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Class-­Action Lawsuit Challenges Use of Presumptive Drug Tests by Washington DOC

A suit filed in Washington state court on September 22, 2023, challenges disciplinary sanctions imposed on prisoners by the state Department of Corrections (DOC) based on presumptive drug test results.

DOC uses inexpensive colorimetric drug tests to examine incoming mail and other paper items, turning them a certain color if an illicit substance is detected. Results are often inaccurate, though, so kit manufacturers DetectaChem and MMC International caution they should be deemed “presumptive,” or merely indicative of the possible presence of drugs until the findings are verified by lab testing.

However, DOC uses a positive result to impose harsh disciplinary sanctions without confirmation tests. According to DOC policy 460.050, sanctions include placement in solitary confinement—called “administrative segregation” (ad-­seg)—as well as loss of good time and delayed release dates, removal from jobs or program assignments, and loss of visitation, recreation, phone, commissary, television, package and library privileges.

Columbia Legal Services (CLS) wrote DOC on August 29, 2023, challenging the use of these unreliable tests without confirmation testing. CLS cited a preliminary injunction granted by a Massachusetts state court on November 30, 2021, which prohibited that state’s DOC from imposing discipline based on presumptive drug test results; in that case, the court determined the NARK II tests produced by Sirchie and used in state prisons had a false positive rate of 38%, making their accuracy “only marginally better than a coin flip.” See: Green v. Mass. Dep’t of Corr., 2021 Mass. Super. LEXIS 521.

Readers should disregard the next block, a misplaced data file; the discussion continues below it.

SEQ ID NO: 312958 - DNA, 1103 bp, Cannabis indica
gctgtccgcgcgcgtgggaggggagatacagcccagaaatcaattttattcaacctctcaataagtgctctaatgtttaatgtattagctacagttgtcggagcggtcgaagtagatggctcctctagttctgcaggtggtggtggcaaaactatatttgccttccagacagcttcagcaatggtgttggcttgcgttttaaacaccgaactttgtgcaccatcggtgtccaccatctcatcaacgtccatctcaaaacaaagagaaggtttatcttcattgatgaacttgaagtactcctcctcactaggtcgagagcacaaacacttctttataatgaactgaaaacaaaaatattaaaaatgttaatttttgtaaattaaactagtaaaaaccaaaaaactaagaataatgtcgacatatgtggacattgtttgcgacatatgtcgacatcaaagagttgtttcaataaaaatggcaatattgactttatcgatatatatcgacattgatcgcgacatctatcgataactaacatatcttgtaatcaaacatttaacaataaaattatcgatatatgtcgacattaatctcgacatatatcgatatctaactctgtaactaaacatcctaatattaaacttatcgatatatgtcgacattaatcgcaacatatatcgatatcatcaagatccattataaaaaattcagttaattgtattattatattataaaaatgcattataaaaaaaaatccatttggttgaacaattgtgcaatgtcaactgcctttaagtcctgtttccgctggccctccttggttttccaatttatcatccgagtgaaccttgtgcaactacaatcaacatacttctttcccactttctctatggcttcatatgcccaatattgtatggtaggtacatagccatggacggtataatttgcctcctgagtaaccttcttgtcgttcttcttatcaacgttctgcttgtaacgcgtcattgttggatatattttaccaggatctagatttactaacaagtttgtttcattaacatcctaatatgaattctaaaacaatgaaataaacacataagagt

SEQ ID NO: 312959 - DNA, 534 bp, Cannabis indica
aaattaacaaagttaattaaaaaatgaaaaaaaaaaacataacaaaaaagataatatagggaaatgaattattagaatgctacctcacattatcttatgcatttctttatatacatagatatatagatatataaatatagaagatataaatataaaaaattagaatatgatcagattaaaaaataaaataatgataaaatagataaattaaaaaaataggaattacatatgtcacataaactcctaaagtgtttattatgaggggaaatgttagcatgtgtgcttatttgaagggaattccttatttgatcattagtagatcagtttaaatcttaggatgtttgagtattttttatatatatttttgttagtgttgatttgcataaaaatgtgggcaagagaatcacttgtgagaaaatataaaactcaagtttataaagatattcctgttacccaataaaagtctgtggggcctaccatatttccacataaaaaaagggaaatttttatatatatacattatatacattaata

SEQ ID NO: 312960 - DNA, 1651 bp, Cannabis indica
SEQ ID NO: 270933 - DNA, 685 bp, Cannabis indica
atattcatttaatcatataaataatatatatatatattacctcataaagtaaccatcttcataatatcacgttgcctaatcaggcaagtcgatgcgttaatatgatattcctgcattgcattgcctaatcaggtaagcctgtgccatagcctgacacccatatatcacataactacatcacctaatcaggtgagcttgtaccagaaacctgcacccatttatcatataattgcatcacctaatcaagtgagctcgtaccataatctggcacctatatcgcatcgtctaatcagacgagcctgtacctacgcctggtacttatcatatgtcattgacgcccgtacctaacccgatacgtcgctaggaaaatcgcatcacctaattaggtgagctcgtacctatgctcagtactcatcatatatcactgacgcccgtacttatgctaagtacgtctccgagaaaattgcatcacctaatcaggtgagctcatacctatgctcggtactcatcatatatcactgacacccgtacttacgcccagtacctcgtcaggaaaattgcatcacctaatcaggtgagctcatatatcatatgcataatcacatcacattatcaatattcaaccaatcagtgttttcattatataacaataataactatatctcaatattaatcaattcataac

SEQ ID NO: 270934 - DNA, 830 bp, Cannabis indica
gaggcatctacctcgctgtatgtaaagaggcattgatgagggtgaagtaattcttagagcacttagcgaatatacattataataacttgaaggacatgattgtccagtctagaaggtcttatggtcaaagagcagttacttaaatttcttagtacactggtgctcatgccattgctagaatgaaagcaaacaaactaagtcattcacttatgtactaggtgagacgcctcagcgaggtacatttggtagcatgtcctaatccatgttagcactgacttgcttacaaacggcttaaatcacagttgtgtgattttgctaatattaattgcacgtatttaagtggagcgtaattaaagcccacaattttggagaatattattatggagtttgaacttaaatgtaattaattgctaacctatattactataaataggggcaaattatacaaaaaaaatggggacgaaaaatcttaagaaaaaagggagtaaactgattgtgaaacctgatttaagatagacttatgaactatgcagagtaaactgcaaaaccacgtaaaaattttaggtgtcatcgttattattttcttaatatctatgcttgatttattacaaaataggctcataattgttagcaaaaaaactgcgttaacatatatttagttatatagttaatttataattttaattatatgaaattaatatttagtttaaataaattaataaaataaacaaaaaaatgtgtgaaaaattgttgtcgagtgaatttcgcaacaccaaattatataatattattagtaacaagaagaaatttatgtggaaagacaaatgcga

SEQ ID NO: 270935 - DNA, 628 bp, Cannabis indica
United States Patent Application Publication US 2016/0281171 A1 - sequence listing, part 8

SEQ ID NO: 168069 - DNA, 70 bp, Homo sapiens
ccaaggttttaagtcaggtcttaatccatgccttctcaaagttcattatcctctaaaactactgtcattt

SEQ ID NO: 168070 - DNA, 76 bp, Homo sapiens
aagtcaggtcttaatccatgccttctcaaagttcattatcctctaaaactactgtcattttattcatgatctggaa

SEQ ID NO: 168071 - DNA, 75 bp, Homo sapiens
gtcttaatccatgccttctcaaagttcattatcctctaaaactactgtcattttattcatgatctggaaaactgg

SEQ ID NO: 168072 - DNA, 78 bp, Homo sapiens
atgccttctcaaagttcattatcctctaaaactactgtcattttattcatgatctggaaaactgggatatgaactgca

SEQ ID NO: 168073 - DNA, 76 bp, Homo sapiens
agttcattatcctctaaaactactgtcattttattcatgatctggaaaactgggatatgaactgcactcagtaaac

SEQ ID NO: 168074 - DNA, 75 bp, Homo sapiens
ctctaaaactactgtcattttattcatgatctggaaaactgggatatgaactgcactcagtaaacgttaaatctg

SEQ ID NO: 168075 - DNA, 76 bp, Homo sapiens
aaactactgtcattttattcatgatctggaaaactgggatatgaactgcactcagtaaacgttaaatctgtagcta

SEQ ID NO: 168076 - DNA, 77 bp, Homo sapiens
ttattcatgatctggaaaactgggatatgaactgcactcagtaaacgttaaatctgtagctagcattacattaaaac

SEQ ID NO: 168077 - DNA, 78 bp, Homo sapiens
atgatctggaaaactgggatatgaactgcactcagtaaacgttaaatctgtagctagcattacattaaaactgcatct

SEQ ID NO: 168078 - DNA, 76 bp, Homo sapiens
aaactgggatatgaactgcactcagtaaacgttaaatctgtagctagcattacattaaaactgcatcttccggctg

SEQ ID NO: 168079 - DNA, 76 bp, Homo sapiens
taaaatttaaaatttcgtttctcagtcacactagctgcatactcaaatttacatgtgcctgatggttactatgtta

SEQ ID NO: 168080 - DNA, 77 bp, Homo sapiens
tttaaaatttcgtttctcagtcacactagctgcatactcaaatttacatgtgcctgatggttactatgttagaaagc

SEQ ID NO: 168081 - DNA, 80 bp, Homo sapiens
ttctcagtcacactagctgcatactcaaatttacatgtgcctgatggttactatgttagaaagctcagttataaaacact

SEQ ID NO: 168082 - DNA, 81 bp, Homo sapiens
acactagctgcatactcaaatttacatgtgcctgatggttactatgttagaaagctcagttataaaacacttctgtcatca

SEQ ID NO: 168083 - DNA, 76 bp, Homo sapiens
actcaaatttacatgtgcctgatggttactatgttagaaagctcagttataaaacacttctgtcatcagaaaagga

CLS invited Washington DOC officials to meet and discuss the problematic tests, noting that DetectaChem’s operating manual warns “there is no guarantee that positive results are ultimately defining” and that some colorimetric drug tests have returned false positives mistaking bird droppings, donut crumbs and cotton candy for illegal drugs. Test results are also subject to misinterpretation because color results for drug and non-­drug substances are easily confused.

DOC responded in early September 2023 by “discontinu[ing] the use of presumptive drug test results as a sole basis for disciplinary action.” It also promised to develop “a process to identify individuals who have lost good/earned time due to discipline based solely on presumptive drug test results, and to restore the good time to those individuals.” However, CLS called that “insufficient to protect the rights of those in custody,” adding it doesn’t “compensate those in custody (and those now released) who were punished because DOC used these unreliable tests.”

Prison officials also declined to engage in mediation. CLS then filed its suit, alleging that DOC officials “knew or should have known that these tests often return false positive results” before taking unwarranted disciplinary action against four named plaintiffs.